What are the risks of TFTP?

Answered by Randy McIntyre

TFTP, or Trivial File Transfer Protocol, is a protocol commonly used for transferring files between network devices. While it has its advantages such as simplicity and low overhead, it also poses several risks that should be considered.

1. Lack of Authentication: TFTP does not provide any built-in authentication mechanisms. This means that anyone who has access to the network can potentially upload or download files using TFTP. This lack of authentication opens up the possibility of unauthorized access to sensitive files and data.

2. Plain Text Transmission: TFTP sends all data in plain text without any encryption. This means that any data transmitted using TFTP can be easily intercepted and read by malicious attackers on the network. This poses a significant risk to the confidentiality of the transferred files, as usernames, passwords, and other sensitive information can be sniffed and exploited by attackers.

3. File Corruption: TFTP does not have built-in error checking or correction mechanisms. This makes it susceptible to file corruption during the transfer process. If a network interruption or error occurs during the transfer, there is no way to verify the integrity of the transferred file. This can result in corrupted files being saved on the destination device, potentially leading to data loss or system instability.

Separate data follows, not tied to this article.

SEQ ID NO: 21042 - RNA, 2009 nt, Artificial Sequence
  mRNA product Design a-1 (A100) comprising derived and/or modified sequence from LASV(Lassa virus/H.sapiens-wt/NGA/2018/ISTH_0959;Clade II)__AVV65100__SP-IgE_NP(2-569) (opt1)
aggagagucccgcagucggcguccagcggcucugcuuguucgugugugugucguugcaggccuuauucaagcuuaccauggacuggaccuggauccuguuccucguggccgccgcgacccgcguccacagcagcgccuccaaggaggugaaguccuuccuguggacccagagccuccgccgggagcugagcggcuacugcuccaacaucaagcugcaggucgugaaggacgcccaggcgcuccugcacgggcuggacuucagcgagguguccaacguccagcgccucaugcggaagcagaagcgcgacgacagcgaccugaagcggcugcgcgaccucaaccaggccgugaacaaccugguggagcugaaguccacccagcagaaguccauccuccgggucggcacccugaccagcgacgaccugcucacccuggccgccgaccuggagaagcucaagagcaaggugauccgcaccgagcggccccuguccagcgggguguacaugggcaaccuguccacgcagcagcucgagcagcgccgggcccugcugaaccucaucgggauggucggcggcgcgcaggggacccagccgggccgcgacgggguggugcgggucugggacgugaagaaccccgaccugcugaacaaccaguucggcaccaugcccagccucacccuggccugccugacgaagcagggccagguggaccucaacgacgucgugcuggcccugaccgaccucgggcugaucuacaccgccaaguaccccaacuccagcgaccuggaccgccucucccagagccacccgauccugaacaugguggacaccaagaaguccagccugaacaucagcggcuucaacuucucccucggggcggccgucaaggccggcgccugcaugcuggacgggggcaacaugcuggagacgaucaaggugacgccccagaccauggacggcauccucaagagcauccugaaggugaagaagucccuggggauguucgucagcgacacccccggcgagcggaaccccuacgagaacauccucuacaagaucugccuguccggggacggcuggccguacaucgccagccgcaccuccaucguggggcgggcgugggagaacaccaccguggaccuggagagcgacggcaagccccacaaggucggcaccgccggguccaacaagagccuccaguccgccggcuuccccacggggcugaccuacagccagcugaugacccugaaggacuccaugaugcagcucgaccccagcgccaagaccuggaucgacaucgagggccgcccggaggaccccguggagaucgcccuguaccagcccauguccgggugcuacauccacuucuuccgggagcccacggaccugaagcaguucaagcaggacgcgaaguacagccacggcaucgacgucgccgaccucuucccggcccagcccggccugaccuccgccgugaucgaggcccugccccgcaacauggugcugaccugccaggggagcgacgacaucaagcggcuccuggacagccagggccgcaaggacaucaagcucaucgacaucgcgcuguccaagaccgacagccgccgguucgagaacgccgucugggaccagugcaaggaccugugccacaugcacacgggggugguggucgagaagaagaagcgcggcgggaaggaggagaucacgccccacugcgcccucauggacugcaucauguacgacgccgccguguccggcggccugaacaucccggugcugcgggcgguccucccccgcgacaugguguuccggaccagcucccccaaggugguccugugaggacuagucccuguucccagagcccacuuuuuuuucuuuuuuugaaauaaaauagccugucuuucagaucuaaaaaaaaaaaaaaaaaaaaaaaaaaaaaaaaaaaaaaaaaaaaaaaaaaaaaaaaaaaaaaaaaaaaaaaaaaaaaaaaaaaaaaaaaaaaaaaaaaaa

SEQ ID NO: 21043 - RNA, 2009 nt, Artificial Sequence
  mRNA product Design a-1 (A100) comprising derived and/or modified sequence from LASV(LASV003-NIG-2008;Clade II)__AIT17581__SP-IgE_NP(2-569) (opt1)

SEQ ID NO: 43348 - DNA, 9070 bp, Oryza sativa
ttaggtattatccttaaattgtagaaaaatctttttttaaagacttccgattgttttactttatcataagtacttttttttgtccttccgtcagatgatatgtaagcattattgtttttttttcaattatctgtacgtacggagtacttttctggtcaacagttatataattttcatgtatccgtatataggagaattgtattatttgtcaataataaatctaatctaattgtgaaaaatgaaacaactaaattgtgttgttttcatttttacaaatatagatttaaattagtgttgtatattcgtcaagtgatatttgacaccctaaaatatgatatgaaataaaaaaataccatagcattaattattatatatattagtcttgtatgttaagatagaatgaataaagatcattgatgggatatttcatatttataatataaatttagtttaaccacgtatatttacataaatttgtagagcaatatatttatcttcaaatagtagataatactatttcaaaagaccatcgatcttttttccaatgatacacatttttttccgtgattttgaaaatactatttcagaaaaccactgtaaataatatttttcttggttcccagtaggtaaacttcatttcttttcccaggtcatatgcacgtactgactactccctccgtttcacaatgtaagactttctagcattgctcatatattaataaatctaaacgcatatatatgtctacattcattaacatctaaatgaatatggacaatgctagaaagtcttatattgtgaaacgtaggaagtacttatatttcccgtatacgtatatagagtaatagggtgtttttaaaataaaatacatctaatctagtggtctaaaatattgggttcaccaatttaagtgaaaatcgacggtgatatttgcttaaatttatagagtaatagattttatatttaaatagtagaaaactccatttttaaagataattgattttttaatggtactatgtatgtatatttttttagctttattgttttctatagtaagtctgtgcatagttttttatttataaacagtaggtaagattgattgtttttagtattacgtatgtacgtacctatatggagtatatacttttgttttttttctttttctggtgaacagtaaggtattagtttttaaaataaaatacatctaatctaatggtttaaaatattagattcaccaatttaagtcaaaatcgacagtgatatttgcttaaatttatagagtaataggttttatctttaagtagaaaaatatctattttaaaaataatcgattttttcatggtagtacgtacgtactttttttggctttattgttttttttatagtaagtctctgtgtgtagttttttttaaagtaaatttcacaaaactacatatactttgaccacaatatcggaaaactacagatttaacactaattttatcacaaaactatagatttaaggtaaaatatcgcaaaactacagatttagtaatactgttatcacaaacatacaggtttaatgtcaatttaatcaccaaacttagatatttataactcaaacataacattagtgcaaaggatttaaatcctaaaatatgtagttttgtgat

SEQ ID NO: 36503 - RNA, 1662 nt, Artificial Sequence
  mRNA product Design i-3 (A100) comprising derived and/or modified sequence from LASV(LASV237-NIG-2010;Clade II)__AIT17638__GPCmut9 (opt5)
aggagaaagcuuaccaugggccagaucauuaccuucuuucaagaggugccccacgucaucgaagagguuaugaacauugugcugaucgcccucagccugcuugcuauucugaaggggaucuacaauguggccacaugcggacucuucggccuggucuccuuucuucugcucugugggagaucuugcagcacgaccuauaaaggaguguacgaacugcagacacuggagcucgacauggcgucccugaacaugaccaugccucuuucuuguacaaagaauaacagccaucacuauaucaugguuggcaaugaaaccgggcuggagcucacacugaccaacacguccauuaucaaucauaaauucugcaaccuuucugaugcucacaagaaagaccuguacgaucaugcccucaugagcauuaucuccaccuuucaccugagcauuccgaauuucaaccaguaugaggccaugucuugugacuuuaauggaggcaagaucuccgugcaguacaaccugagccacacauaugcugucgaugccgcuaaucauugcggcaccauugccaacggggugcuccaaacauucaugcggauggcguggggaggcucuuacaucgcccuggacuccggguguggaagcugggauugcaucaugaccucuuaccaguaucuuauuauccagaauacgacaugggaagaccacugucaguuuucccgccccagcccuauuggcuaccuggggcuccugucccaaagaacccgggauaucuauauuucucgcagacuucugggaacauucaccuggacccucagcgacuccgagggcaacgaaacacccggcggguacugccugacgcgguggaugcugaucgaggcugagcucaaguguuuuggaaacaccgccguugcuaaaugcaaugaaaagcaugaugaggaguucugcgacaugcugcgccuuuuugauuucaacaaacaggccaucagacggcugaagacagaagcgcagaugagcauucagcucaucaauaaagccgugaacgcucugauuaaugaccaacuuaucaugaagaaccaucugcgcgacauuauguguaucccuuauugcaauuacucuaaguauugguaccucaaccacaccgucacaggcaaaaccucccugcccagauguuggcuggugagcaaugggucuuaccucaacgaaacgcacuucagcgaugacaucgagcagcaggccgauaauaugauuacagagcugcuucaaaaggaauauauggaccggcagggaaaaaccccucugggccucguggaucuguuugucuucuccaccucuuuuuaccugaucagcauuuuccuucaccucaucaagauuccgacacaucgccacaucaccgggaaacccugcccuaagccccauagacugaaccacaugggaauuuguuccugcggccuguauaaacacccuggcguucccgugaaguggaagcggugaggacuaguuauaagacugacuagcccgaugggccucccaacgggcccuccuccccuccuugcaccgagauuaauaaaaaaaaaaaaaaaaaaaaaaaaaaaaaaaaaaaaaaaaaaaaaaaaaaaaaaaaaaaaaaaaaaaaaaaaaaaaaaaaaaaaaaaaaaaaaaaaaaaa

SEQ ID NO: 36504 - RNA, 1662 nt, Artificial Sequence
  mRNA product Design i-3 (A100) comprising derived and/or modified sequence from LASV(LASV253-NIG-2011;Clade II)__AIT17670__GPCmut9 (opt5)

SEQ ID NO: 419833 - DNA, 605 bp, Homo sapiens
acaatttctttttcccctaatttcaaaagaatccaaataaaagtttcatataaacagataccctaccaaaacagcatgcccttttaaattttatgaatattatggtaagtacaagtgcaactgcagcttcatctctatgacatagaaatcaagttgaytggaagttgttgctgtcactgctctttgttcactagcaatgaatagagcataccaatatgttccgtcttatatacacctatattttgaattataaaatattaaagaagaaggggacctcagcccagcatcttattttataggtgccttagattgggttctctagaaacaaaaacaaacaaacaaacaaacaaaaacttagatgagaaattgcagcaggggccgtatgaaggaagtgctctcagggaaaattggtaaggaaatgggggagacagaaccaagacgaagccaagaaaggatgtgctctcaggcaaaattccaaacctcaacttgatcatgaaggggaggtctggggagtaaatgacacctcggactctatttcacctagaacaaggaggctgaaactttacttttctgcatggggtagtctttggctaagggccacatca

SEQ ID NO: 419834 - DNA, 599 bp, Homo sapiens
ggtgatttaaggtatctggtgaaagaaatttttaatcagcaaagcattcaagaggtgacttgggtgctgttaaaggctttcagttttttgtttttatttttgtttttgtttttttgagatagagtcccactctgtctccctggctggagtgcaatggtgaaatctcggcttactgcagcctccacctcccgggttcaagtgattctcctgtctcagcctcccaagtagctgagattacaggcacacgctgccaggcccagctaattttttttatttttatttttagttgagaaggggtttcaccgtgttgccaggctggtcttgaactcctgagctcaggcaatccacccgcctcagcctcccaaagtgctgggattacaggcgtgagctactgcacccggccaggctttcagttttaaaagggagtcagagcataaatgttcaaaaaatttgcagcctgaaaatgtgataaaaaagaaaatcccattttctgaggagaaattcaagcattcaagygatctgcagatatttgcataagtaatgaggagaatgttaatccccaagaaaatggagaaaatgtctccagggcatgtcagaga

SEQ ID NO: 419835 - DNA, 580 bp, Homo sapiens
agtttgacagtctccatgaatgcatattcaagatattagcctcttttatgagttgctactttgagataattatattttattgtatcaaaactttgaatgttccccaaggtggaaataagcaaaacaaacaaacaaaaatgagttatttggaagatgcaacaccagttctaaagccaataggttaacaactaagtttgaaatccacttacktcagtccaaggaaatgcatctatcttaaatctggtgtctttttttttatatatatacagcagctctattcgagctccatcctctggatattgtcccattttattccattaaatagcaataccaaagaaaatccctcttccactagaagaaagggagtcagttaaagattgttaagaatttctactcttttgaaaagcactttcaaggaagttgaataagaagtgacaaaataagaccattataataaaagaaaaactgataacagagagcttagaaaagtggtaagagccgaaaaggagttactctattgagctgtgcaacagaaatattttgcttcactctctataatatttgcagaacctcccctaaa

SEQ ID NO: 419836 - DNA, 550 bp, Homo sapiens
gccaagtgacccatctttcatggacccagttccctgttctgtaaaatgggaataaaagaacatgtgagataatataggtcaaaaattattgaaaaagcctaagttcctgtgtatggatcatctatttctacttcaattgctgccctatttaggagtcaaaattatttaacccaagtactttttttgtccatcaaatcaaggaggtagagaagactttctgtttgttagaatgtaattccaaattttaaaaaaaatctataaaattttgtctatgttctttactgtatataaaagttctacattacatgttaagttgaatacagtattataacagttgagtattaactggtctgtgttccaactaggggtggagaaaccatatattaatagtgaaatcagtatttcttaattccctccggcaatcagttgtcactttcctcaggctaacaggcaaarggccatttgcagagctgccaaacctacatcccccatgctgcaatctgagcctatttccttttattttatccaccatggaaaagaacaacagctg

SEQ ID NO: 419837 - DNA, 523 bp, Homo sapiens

4. Lack of File Access Control: TFTP does not provide granular file access control. Once a user gains access to the TFTP server, they have the ability to upload or download any files that are accessible to them. This lack of access control can be exploited by attackers to gain unauthorized access to files or to overwrite existing files with malicious content.

5. Misdirection of Files: TFTP does not have built-in mechanisms to verify the destination of the transferred files. This opens up the possibility of files being sent to the wrong destination, unintentionally exposing sensitive information to unauthorized individuals. Additionally, attackers can manipulate the TFTP traffic to redirect files to their own malicious servers, further compromising the security of the transferred data.

6. Lack of Logging and Auditing: TFTP does not provide comprehensive logging and auditing capabilities. This makes it difficult to track and monitor file transfers, making it challenging to identify any unauthorized access or malicious activities. Without proper logging, it becomes harder to investigate security incidents and enforce accountability.

While TFTP can be a convenient and lightweight file transfer protocol, it also comes with inherent risks. The lack of authentication, plain text transmission, file corruption vulnerabilities, lack of access control, misdirection of files, and limited logging capabilities make it less suitable for secure and sensitive file transfers. It is important to consider these risks and evaluate alternative protocols or implement additional security measures when dealing with sensitive data transfers.